Oregon law also prohibits your coverage from be-ing dropped and your application from bebe-ing refused because you are transgender. Oregon law prohibits discrimination against transgender people by places of public accommodation, and insurance has been held to constitute a public accommodation. Furthermore, the law limits the reasons and ways in which individual insurance policies can be cancelled or not renewed. If your insurance is through an employer health insur-ance policy covered by ERISA, then Oregon law prob-ably does not limit when that insurance company can reject your application for health insurance coverage. Unfortunately, federal law does not currently prohibit insurance companies from issuing policies that exclude coverage for transgender people. So your only legal protection for preventing a group health insurer from denying your applicati for ERISA-covered health insur-ance may be the terms of the contract between that insurer and the employer. Most ERISA-governed health insurance plans do not exclude coverage because the participant is transgender. In that case, the insurance company probably cannot deny you health insurance coverage simply because you are transgender.
How can I change the gender
marker with my health
insurance provider? Does that
change require a surgery or a
It depends. The state Insurance Code does not specifi-cally address changing gender markers, so insurers vary in the documentation they require. For example, Kaiser Permanente requires documentation of sur-gery before changing a patient’s sex on record, while Regence/BlueCross simply refers to the gender marker on patients’ driver licenses. Ultimately, we recommend checking with your insurer to determine what docu-mentation is necessary.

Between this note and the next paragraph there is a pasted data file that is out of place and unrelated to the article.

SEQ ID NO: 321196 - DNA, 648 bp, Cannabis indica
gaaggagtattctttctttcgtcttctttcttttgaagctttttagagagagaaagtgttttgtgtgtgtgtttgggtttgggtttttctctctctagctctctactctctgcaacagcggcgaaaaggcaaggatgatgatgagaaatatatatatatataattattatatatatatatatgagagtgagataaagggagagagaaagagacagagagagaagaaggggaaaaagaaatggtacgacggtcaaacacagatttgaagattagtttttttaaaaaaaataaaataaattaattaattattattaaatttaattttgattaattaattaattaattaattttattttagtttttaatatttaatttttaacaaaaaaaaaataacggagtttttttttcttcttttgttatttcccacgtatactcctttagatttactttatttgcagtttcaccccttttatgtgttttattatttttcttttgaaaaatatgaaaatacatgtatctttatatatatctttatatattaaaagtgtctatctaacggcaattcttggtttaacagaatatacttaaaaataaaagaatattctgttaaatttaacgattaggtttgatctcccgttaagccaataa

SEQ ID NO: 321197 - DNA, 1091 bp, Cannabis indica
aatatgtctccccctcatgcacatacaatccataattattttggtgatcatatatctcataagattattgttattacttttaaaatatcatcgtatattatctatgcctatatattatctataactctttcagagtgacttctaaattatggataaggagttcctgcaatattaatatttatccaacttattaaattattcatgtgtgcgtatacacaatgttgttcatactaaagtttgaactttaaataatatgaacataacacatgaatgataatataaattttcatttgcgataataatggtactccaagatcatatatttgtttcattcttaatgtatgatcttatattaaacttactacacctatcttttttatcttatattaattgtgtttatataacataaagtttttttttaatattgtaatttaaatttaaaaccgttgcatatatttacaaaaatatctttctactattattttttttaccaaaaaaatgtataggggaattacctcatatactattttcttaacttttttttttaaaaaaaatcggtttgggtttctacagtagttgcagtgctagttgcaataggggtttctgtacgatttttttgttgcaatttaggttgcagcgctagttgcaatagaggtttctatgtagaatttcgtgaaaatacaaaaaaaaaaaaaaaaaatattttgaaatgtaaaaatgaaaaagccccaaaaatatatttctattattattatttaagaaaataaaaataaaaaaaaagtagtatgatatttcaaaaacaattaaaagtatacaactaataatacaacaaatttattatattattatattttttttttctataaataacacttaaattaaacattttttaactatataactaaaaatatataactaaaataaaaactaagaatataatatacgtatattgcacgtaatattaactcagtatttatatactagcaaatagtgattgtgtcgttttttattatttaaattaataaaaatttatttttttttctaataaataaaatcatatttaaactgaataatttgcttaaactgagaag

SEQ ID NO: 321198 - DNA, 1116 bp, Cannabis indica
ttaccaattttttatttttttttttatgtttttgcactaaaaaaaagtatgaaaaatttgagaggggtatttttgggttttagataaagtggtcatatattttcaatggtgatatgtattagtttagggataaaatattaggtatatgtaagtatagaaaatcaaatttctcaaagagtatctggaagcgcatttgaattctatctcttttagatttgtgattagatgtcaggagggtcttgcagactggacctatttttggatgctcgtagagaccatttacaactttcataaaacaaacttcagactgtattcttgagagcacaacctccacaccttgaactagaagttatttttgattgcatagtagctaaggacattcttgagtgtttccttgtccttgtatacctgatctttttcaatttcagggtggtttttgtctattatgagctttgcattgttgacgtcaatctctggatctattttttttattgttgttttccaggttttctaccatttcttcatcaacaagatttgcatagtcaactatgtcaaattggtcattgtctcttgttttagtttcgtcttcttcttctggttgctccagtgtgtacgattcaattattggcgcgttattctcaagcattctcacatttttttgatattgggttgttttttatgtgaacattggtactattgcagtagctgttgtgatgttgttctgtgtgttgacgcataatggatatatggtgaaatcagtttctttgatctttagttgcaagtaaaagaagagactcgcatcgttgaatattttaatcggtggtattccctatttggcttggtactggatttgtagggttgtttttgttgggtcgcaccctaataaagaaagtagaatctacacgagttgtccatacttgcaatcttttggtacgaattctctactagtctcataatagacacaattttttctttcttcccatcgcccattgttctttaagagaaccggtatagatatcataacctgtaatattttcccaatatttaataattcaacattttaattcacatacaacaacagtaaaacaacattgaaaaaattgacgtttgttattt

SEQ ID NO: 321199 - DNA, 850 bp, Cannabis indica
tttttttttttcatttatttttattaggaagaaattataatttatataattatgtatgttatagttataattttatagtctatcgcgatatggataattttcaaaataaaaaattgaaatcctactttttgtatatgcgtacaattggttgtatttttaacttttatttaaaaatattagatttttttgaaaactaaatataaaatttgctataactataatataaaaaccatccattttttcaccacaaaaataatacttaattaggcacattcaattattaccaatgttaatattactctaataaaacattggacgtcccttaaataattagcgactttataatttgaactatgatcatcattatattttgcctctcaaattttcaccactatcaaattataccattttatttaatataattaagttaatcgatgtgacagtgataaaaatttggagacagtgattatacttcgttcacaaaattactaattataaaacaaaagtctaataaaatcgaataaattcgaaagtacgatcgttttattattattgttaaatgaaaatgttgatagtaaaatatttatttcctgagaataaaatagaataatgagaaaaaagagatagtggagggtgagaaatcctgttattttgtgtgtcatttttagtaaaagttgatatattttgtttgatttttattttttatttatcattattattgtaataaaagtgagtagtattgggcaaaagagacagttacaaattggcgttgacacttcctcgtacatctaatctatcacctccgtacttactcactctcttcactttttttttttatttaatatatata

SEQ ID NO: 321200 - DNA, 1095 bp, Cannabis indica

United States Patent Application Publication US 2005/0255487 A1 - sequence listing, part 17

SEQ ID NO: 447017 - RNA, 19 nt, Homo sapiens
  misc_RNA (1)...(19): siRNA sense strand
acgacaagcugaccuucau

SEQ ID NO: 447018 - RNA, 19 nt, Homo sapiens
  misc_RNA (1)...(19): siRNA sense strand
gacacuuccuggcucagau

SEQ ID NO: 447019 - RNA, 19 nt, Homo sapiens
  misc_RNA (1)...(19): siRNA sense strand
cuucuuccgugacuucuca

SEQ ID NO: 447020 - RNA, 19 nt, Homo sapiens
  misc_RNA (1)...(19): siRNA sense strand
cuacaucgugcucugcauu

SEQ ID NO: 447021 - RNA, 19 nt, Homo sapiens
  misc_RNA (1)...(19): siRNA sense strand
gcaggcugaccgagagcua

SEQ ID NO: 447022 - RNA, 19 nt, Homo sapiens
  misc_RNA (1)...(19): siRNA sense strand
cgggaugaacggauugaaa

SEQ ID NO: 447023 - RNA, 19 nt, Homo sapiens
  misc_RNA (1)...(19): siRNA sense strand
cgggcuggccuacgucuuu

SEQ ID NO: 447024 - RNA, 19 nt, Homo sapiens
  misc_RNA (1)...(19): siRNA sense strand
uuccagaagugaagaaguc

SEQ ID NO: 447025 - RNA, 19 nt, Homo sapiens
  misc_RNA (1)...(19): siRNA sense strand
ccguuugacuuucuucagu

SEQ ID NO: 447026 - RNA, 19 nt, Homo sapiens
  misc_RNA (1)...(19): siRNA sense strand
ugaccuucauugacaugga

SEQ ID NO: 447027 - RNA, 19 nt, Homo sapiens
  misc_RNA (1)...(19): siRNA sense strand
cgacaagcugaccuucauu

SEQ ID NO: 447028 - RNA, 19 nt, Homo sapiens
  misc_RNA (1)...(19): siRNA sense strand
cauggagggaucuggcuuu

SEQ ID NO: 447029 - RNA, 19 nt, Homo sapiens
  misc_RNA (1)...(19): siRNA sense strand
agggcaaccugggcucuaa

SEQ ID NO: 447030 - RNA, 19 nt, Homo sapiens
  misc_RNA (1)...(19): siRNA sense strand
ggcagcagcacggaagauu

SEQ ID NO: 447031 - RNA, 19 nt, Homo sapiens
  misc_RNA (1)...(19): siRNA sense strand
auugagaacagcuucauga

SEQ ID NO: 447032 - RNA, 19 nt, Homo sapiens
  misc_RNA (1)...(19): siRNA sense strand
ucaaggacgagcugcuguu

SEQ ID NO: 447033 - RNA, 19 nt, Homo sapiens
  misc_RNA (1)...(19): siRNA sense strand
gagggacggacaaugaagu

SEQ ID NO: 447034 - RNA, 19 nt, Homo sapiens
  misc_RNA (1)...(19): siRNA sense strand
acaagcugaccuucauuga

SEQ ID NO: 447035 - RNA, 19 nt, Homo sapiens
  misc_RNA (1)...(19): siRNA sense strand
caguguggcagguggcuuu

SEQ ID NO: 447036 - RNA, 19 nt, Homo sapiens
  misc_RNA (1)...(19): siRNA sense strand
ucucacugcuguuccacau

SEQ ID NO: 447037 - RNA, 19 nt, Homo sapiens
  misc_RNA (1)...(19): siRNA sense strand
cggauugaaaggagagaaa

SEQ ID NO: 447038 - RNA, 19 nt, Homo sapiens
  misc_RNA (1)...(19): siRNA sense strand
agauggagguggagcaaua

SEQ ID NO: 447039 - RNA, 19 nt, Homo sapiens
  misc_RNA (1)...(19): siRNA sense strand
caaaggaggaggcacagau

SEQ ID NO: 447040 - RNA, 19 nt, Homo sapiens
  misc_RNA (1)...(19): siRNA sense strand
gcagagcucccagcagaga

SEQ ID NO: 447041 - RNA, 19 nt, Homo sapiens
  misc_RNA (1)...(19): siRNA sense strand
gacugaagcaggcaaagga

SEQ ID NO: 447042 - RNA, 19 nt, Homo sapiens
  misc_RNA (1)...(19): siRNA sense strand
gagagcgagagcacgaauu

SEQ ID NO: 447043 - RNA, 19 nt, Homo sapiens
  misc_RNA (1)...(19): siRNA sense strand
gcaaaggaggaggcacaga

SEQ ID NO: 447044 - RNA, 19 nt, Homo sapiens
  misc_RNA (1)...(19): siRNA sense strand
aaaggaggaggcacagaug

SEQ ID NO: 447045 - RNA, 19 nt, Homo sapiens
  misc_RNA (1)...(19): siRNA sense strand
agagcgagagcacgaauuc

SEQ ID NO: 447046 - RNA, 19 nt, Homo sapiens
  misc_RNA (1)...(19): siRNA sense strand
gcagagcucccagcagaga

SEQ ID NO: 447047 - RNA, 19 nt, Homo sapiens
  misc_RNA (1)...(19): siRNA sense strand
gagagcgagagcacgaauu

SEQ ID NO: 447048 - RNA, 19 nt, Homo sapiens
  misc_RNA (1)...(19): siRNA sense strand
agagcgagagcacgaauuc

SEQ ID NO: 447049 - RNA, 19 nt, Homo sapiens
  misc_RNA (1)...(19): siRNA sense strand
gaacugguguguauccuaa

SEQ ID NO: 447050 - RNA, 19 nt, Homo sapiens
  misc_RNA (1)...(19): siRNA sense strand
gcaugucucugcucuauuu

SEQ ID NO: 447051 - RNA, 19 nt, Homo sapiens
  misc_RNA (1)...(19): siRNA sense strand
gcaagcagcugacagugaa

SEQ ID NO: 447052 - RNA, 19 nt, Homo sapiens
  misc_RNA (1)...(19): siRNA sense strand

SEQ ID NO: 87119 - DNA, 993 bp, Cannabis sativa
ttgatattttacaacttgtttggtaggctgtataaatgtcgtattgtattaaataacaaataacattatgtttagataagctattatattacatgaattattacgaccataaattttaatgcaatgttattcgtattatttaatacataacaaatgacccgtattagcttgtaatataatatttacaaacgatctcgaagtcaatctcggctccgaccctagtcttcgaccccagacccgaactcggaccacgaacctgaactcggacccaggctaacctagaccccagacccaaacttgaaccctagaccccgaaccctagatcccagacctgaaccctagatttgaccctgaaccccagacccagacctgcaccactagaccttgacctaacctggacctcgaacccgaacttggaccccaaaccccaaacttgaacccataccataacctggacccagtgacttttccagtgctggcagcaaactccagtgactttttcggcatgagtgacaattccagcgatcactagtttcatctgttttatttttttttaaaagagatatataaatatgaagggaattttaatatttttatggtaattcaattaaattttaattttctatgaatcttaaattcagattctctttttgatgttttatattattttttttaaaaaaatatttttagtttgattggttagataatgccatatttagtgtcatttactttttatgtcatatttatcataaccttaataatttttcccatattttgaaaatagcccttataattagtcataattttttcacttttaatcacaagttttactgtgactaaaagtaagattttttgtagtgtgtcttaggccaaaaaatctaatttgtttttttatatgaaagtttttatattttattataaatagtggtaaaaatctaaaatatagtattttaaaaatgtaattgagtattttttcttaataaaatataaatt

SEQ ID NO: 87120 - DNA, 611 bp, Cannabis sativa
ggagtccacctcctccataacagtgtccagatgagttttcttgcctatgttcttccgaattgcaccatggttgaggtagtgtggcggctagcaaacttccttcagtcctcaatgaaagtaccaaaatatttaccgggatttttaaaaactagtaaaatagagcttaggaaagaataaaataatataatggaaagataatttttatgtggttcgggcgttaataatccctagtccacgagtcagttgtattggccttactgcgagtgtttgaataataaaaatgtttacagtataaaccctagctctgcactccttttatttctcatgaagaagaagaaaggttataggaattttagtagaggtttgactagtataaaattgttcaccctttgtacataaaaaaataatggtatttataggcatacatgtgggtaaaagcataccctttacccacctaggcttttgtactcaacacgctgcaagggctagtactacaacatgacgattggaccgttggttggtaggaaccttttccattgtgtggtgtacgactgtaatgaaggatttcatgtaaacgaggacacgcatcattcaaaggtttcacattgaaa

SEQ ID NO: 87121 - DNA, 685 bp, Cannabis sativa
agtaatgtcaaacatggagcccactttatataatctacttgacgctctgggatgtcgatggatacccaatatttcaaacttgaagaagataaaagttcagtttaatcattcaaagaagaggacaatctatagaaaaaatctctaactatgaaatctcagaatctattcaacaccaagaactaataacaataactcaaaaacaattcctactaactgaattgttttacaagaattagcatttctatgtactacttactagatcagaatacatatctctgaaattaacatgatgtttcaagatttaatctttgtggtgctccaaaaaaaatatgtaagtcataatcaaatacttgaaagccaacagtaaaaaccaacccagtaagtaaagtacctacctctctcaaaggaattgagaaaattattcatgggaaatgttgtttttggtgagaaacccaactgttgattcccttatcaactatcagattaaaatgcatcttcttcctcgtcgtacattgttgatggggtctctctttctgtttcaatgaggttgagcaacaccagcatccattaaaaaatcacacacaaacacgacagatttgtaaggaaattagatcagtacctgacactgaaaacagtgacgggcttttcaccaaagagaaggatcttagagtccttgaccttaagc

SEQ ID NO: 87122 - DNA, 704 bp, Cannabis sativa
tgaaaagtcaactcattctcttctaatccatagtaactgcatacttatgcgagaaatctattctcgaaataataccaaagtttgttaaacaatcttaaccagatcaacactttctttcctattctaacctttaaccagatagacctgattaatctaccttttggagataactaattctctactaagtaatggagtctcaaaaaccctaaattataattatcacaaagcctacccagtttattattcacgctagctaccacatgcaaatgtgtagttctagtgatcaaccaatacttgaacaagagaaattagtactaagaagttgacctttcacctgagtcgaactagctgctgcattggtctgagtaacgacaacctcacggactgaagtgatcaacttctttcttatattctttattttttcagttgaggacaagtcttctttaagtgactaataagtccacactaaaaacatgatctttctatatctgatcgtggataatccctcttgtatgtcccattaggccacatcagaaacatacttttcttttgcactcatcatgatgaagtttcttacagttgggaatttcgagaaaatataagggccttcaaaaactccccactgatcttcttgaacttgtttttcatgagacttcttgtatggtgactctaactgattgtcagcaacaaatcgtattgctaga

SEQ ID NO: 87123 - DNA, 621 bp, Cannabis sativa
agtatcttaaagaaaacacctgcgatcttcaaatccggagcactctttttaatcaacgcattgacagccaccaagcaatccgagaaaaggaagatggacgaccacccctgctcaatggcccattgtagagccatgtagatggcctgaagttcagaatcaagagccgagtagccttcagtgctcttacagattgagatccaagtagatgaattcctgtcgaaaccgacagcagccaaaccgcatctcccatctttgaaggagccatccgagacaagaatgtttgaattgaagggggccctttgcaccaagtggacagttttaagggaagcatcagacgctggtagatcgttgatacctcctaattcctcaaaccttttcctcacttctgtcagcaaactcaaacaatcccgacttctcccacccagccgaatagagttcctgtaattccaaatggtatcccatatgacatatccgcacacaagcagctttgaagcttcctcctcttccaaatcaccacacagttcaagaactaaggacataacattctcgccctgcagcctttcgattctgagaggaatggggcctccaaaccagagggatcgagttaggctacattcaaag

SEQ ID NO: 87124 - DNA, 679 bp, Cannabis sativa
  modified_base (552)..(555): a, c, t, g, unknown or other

Can a doctor, nurse or clinic
refuse to treat me because of my
gender identity or
No. Medical care providers may not refuse to treat a patient simply because of that patient’s gender identity or expression. They may, however, assert that they do not have the medical expertise to treat you.
•TransActive Portland, OR
•Sexual and Gender Minority Youth Resource Center Portland, OR
•Outside In Portland, OR www.outsidein.org
•Lotus Rising Project Southern Oregon
•Human Dignity Coalition Bend, OR
•The Oregon Student Equal Rights Alliance
Housing & Employment
•Oregon Bureau of Labor & Industry
Oregon Statewide www.oregon.gov/BOLI
•Oregon’s Fair Housing Hotline Oregon Statewide
•Department of Business & Consumer Services – Insurance Division
Oregon Statewide insurance.oregon.gov
•Outside In Trans Clinic Portland, OR
Significant Others, Family,
Friends & Allies
•Gender Spectrum Based in Orlinda, CA www.genderspectrum.org
•Oregon PFLAG Oregon Statewide www.pflag.org/map/index. php?state=OR
ID & Documentation
•Outside In’s ID Project Portland, OR
•OGALLA, the LGBT Bar Associa-tion of Oregon
Oregon Statewide www.ogalla.org
•Legal Aid Services of Oregon Oregon Statewide www.lawhelp.org/pro-gram/694/index.cfm
•TGI Justice California www.tgijp.org
•Partnership for Safety & Justice Oregon Statewide
Hate Crimes & Police
•Coalition Against Hate Crimes Portland, OR
www.againsthate.pdx.edu Sexual Minorities Round Table Portland, OR
•Gender (Free) For All Portland, OR www.gffapdx.com
•Tranz Guys, Trans-Fem, Gender Queery
Portland, OR www.pdxqcenter.org
•Northwest Gender Alliance Portland, OR email@example.com
•Resources PDX Portland, OR www.resourcespdx.org
•National Center for Transgender Equality
Based in Washington, DC www.transequality.org
•Transgender Law Center Based in San Francisco, CA www.transgenderlawcenter.org
•United ENDA www.unitedenda.org
•National Gay & Lesbian Task Force
•Sylvia Rivera Law Project Based in New York City, NY www.srlp.org
•National Center for Lesbian Rights
Based in San Francisco, CA www.nclrights.org
Want to add a resouce to this list? Email: firstname.lastname@example.org